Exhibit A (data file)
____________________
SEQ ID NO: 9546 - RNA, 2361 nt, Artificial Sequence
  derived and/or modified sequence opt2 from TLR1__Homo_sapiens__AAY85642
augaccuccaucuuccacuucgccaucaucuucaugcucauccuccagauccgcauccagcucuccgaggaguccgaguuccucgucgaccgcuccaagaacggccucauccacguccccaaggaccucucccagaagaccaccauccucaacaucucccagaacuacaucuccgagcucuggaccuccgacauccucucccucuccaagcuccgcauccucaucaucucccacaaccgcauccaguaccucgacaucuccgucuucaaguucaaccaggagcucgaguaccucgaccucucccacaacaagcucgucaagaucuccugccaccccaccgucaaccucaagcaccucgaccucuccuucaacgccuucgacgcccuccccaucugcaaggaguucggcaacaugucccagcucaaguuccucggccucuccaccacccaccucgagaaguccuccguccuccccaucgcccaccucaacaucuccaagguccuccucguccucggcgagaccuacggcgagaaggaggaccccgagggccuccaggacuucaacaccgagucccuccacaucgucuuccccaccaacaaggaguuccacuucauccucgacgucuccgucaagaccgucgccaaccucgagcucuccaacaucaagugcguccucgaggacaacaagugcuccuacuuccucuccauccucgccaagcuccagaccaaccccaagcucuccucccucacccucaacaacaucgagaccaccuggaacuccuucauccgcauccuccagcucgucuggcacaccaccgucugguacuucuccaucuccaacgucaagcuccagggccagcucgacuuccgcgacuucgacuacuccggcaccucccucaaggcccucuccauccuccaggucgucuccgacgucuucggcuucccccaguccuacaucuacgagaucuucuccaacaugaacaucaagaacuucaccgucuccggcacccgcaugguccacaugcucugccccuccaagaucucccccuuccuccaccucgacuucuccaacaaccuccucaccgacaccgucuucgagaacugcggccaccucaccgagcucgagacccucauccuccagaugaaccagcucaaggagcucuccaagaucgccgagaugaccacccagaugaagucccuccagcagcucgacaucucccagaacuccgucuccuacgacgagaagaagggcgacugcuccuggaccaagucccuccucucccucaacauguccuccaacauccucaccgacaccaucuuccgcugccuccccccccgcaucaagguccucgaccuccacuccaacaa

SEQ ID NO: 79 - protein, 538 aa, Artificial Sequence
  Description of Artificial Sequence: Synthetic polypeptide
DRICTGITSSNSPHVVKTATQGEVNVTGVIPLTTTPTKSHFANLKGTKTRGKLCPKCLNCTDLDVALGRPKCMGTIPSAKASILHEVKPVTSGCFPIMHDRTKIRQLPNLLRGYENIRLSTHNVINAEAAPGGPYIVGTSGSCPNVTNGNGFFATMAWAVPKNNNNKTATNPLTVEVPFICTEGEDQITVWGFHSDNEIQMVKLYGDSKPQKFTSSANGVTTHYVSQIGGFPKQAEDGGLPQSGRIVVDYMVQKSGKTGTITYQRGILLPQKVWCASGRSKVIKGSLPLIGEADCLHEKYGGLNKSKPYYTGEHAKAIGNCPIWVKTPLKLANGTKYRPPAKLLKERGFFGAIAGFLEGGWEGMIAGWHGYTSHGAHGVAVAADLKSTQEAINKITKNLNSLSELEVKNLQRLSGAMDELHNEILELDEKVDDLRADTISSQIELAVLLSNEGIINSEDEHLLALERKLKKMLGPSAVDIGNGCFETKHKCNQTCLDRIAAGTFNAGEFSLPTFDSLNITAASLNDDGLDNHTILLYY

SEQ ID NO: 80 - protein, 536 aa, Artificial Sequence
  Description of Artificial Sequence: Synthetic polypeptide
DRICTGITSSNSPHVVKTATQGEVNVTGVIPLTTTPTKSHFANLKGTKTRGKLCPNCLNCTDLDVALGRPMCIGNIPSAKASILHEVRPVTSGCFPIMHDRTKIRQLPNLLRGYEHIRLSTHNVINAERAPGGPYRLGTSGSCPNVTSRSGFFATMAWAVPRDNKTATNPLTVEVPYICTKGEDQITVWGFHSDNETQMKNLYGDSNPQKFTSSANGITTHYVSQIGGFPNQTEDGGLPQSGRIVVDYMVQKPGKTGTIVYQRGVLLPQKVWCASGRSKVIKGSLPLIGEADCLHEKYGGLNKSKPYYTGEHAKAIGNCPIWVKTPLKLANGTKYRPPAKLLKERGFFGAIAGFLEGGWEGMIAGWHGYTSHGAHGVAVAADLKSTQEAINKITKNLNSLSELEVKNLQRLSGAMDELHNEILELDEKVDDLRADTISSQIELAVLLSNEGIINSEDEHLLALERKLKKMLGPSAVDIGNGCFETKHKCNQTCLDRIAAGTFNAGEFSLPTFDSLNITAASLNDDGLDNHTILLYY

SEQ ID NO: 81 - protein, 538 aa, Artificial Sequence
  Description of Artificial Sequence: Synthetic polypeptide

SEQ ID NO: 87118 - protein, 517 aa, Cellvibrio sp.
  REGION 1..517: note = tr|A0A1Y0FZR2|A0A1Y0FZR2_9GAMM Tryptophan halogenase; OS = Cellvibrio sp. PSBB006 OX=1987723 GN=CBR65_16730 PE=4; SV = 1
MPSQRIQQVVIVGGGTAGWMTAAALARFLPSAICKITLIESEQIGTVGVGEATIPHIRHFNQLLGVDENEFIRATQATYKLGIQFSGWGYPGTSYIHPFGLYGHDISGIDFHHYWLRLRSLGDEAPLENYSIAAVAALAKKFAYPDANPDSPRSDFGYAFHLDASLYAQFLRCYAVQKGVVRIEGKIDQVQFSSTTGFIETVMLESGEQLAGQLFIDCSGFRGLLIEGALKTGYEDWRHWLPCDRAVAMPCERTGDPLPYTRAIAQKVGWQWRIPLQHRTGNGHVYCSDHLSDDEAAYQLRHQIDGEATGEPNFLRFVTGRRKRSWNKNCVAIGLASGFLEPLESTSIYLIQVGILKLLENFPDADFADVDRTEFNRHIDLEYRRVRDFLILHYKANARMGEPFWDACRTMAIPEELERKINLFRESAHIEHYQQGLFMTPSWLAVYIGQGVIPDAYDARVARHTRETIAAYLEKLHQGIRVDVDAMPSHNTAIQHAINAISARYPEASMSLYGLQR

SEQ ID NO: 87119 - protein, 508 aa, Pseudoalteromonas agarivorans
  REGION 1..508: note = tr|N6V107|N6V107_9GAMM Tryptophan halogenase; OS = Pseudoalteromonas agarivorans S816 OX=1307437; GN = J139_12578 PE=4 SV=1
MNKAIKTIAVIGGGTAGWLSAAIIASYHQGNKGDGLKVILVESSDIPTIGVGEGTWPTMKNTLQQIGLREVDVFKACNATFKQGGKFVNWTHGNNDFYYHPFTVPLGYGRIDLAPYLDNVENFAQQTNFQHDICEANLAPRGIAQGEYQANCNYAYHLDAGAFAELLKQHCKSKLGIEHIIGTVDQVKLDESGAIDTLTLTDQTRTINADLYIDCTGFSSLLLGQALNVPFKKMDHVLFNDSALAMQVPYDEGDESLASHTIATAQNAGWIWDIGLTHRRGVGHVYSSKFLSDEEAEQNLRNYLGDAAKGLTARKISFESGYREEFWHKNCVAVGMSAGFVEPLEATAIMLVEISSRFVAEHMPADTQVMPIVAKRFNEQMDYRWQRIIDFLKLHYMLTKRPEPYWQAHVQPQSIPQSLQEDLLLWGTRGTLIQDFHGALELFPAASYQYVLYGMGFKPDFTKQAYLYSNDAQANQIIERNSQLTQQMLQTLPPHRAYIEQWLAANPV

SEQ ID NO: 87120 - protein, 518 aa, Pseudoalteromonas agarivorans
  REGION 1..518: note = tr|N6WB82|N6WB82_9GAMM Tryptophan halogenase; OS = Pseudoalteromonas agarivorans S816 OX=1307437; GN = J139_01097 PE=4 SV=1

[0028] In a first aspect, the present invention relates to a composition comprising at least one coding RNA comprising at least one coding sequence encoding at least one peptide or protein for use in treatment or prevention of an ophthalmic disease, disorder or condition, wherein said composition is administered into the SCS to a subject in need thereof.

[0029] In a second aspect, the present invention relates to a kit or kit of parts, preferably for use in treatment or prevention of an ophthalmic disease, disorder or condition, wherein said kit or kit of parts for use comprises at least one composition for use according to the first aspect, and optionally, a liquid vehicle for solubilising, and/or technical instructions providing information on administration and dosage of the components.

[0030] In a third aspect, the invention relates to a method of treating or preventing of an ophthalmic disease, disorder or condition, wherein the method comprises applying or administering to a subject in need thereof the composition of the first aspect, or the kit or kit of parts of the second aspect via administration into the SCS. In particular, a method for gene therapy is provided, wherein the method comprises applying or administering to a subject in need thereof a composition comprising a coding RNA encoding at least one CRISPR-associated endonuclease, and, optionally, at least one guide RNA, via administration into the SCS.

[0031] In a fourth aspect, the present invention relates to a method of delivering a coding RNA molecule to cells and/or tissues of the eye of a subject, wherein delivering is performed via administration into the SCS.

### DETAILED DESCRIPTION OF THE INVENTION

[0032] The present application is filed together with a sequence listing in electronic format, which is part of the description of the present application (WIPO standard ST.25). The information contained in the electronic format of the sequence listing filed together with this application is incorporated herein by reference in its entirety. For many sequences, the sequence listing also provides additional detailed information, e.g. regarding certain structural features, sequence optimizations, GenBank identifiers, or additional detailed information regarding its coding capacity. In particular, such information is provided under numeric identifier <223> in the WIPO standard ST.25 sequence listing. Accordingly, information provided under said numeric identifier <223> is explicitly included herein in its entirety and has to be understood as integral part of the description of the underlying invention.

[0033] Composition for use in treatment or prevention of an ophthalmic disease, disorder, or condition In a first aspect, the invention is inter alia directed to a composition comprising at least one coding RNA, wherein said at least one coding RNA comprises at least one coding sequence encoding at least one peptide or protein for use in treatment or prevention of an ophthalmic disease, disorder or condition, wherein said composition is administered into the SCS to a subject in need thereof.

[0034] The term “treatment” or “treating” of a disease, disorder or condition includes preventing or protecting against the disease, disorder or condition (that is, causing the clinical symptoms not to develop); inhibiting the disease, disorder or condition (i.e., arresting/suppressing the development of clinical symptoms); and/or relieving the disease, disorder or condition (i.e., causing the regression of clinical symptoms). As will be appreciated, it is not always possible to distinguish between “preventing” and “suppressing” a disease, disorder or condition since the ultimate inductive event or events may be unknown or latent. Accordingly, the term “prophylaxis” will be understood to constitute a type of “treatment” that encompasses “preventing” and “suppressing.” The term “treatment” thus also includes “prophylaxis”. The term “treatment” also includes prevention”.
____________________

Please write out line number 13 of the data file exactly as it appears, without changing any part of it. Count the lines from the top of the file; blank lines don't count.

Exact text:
  REGION 1..517: note = tr|A0A1Y0FZR2|A0A1Y0FZR2_9GAMM Tryptophan halogenase; OS = Cellvibrio sp. PSBB006 OX=1987723 GN=CBR65_16730 PE=4; SV = 1